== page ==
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Empire Abo field

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The Empire Abo field, located in New Mexico, US, covers ≈11,000 acres (12.5 miles long by 1.5 miles wide) and contains approximately 380 million stock tank barrels (STB) of original oil in place (OOIP).[1][2] This reservoir is a dolomitized reef structure (Fig. 1) with a dip angle of 10 to 20° from the crest toward the fore reef. The oil column is approximately 900 ft thick, but the average net pay is only 151 ft thick. The pore system of this reservoir is a network of vugs, fractures, and fissures because the primary pore system has been so altered by dolomitization; the average log-calculated porosity was 6.4% BV. Numerical simulations of field performance and routine core analysis data have indicated that the horizontal and vertical permeabilities are about equal. The Empire Abo field had a small initial gas cap (< 1% of the hydrocarbon PV), so the oil was gas saturated at the original reservoir pressure of 2,360 psia. The oil gravity was 43°API, and viscosity at reservoir conditions was approximately 0.4 cp.

Gas injection

The field was discovered in 1957 and unitized in 1973. At that time, high gas/oil ratio (GOR) back-reef wells were shut in, only the downdip solution-GOR wells continued to produce, and gas-plant residue gas was reinjected into some of the former crestal production wells. The unit added 56 infill producers on 20-acre well spacing in the downdip area during the mid-1970s (see structure map in Fig. 2). In the late 1970s, 100 additional producers on 10-acre well spacing in the downdip area were drilled.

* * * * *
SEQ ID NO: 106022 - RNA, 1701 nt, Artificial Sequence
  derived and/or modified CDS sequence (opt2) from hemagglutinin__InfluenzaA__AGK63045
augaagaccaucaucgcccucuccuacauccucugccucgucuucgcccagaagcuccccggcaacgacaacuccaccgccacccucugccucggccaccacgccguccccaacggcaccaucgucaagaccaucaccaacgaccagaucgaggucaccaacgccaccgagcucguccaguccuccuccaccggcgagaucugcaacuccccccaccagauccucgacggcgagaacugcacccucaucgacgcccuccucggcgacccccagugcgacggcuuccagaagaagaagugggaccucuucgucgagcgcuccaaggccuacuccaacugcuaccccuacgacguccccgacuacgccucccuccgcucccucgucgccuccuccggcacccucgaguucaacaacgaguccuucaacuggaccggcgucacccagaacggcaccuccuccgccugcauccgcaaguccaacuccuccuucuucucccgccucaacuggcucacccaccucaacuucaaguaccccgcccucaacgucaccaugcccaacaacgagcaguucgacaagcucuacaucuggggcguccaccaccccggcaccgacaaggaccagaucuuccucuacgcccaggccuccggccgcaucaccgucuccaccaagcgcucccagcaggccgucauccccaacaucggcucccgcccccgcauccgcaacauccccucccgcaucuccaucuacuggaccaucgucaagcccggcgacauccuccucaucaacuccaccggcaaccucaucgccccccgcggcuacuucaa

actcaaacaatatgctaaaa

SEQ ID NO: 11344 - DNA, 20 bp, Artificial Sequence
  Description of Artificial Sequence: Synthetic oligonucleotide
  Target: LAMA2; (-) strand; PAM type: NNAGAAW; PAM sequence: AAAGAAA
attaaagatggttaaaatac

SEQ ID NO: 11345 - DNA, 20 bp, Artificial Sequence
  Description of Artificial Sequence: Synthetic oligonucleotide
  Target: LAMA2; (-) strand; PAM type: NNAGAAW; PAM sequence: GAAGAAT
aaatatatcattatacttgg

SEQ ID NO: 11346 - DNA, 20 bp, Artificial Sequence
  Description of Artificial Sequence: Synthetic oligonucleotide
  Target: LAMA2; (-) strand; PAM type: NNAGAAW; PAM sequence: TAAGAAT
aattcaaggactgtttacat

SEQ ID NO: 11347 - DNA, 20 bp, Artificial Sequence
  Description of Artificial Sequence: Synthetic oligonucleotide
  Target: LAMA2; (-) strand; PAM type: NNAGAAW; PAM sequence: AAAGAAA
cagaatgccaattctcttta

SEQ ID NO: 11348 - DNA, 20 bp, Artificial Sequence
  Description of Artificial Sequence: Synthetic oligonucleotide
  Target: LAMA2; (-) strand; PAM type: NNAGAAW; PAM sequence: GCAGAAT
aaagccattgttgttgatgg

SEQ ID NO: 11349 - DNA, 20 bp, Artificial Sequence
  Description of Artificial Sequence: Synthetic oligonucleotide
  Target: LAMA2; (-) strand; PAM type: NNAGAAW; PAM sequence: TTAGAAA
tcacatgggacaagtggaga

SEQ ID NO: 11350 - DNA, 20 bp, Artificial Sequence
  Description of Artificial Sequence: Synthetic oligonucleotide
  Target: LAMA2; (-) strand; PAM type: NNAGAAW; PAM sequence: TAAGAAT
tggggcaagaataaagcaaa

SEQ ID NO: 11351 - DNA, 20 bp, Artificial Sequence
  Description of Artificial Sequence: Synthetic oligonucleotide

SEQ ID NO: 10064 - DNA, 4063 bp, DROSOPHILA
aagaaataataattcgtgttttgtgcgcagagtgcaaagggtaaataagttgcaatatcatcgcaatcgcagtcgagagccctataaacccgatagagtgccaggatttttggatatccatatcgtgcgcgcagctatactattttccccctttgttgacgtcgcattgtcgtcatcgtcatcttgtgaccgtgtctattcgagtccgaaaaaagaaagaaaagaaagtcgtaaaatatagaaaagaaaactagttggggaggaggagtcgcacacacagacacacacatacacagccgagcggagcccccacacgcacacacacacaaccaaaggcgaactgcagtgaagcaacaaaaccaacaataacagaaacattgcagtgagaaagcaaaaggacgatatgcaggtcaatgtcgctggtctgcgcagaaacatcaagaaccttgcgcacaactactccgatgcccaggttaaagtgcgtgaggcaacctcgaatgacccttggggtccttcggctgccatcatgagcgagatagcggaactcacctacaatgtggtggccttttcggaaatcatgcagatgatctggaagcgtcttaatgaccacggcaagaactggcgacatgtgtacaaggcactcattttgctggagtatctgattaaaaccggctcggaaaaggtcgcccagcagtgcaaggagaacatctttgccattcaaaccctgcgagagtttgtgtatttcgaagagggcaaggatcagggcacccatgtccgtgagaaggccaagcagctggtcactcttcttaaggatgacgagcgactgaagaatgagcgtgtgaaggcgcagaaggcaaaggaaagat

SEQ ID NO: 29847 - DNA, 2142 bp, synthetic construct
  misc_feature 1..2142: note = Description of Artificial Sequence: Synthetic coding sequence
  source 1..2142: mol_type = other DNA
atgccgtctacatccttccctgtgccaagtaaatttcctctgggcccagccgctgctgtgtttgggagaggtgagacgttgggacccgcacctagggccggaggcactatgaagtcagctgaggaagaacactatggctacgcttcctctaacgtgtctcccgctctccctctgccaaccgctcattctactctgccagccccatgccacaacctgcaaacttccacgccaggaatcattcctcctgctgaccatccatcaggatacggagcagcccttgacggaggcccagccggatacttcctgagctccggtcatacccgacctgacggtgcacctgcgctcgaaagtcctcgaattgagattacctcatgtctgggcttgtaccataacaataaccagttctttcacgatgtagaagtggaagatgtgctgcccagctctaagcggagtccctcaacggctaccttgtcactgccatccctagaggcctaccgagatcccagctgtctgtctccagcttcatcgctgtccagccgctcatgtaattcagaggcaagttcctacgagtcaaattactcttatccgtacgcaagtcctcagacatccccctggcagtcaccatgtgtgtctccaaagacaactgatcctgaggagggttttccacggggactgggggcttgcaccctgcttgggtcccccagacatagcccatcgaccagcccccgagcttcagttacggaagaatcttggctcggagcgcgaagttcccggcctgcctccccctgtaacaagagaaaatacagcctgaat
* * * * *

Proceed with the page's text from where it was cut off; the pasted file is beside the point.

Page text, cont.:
Ultimate recovery

Because of the concentration of producing wells downdip, the gas cap draped downdip along the top of the reservoir. The Empire Abo field overall performance was excellent because of its very high vertical permeability; however, gas coning was a major issue, with the overall relatively low reservoir permeability of approximately 50 md. In 1979, Empire Abo was the site of one of the first applications of horizontal wellbores to minimize gas coning.[3] The field is currently being blown down to recover as much gas as possible. On the basis of production data through 2002, on a stock-tank-oil basis, approximately 74% of the OOIP has been recovered from this field by application of the immiscible gas/oil gravity drainage process.


  1. 1.0 1.1 1.2 Christianson, S.H. 1977. Performance and Unitization of the Empire Abo Pool. Presented at the SPE Permian Basin Oil and Gas Recovery Conference, Midland, Texas, 10-11 March 1977. SPE-6384-MS.
  2. Killough, J.E. and Foster Jr., H.P. 1979. Reservoir Simulation of the Empire Abo Field: The Use of Pseudos in a Multilayered System. SPE Journal 19 (5): 279-288. SPE-7418-PA.
  3. Stramp, R.L. 1980. The Use of Horizontal Drainholes in the Empire Abo Unit. Presented at the SPE Annual Technical Conference and Exhibition, Dallas, Texas, 21-24 September 1980. SPE-9221-MS.

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See also

Immiscible gas injection in oil reservoirs